First ‘grotesque’ parade in Bournemouth for 100 years

On Saturday 24th September, the much-anticipated Grand Grotesque Parade drew hundreds of onlookers to the Lower Gardens and town square in Bournemouth.

The event, created by director duo Zoe Sinclair and Andrea Blood of ‘The Girls’, was a reinterpretation of the once forgotten Grand Grotesque Carnival. History reports that the Carnival included bizarrely dressed people who rode on horseback, wearing masks and animal heads.

Skip a hundred years, and this modern interpretation of the Carnival included a live masked parade and celebration of film, which wound its way through Bournemouth Center.

Participants in the parade wore masks, face paint and unusual costumes to reflect the grotesque element of the performance.

Speaking to BHbeat, director Zoe explained why she and Andrea chose to resurrect the Edwardian parade. She said: “We were researching Bournemouth’s history and we saw these extraordinary photographs taken at the Grand Grotesque Carnival. They just seemed so visually rich.”

Taking part in the parade were over 200 volunteers and performers from a mixture of schools and community groups, including Bournemouth and Poole College and The League of Bournemouth Steampunks.

Peter Altwegg, 16, a Performing Arts student, said: “On our course at college, we were given the opportunity to take part, so we thought we’d give it a go. It’s great fun and we’ve enjoyed it a lot.”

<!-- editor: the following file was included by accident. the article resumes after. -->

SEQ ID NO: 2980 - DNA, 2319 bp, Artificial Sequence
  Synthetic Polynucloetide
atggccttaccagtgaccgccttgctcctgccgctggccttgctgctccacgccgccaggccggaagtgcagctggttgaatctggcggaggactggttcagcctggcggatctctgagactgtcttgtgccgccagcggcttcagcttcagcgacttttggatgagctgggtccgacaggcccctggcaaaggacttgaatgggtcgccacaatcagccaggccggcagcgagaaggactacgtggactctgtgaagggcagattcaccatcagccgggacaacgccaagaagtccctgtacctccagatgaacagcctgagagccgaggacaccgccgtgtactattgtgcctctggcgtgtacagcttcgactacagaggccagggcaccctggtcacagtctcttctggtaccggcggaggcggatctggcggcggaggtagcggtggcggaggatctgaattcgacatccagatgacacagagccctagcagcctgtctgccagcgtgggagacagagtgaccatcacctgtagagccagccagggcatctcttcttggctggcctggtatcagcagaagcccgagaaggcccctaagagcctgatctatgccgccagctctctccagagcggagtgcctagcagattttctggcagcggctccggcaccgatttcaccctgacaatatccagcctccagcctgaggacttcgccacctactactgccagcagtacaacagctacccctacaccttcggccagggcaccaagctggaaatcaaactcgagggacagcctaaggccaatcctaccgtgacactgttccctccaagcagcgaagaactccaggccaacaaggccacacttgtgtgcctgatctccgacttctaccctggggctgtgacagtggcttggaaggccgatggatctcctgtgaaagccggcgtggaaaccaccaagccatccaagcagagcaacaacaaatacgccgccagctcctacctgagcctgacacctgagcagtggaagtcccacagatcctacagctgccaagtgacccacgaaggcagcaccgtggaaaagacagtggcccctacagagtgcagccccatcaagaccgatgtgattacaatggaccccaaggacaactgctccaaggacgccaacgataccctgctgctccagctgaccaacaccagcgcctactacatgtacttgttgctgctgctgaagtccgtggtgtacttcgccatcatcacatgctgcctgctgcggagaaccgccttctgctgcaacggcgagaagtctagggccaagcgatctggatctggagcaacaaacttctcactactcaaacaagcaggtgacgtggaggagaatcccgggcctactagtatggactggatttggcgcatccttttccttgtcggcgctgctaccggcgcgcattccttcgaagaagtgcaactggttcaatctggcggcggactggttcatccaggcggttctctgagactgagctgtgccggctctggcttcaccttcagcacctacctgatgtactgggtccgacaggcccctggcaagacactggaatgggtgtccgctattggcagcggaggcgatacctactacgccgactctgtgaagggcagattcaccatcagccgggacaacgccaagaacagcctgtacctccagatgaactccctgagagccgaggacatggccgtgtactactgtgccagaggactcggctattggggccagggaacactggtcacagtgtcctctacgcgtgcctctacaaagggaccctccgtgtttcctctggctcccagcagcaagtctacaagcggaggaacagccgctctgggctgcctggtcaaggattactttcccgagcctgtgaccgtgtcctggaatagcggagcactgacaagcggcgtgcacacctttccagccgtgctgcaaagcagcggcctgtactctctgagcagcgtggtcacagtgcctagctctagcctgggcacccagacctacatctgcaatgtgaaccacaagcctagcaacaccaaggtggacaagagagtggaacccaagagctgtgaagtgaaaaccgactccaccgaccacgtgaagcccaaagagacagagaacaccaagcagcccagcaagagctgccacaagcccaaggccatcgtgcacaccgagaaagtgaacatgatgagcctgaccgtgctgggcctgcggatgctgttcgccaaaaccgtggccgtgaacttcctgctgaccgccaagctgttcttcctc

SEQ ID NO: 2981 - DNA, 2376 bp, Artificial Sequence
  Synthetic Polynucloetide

David Wilson, 50, from Poole explained to BHbeat why the Bournemouth Steampunk community were participating in the parade. He said: “We wanted to take part in the arts events, so we were invited to join the parade in our distinctive style.” Here you can read more about the Father’s day Holiday.

Other notable characters on the evening included Bournemouth-based burlesque performer Lottie Bon Bon, who played the role of the tragic mermaid, and associate directors ‘We 3′, who headed the parade in pink, frilly, regency-style dresses.

There was also an experimental choir directed by Ali Sharpe, who sang a mournful rendition of “Oh we do like to be beside the seaside” while dressed as Edwardian suffragettes.

The following day, feedback and photos from the evening suggested that the people of Bournemouth would be glad to see the parade make a return next year.

Zoe Sinclair expressed her hope that it would. She said: “We’d be delighted to do it again. The atmosphere was really extraordinary and we were absolutely blown away by the turnout.

“The feedback we’re getting from people is fantastic. One group of people, for example, have been talking about having a Grand Grotesque themed Halloween party, and other people have been asking what costumes to wear if the parade happens again next year.”

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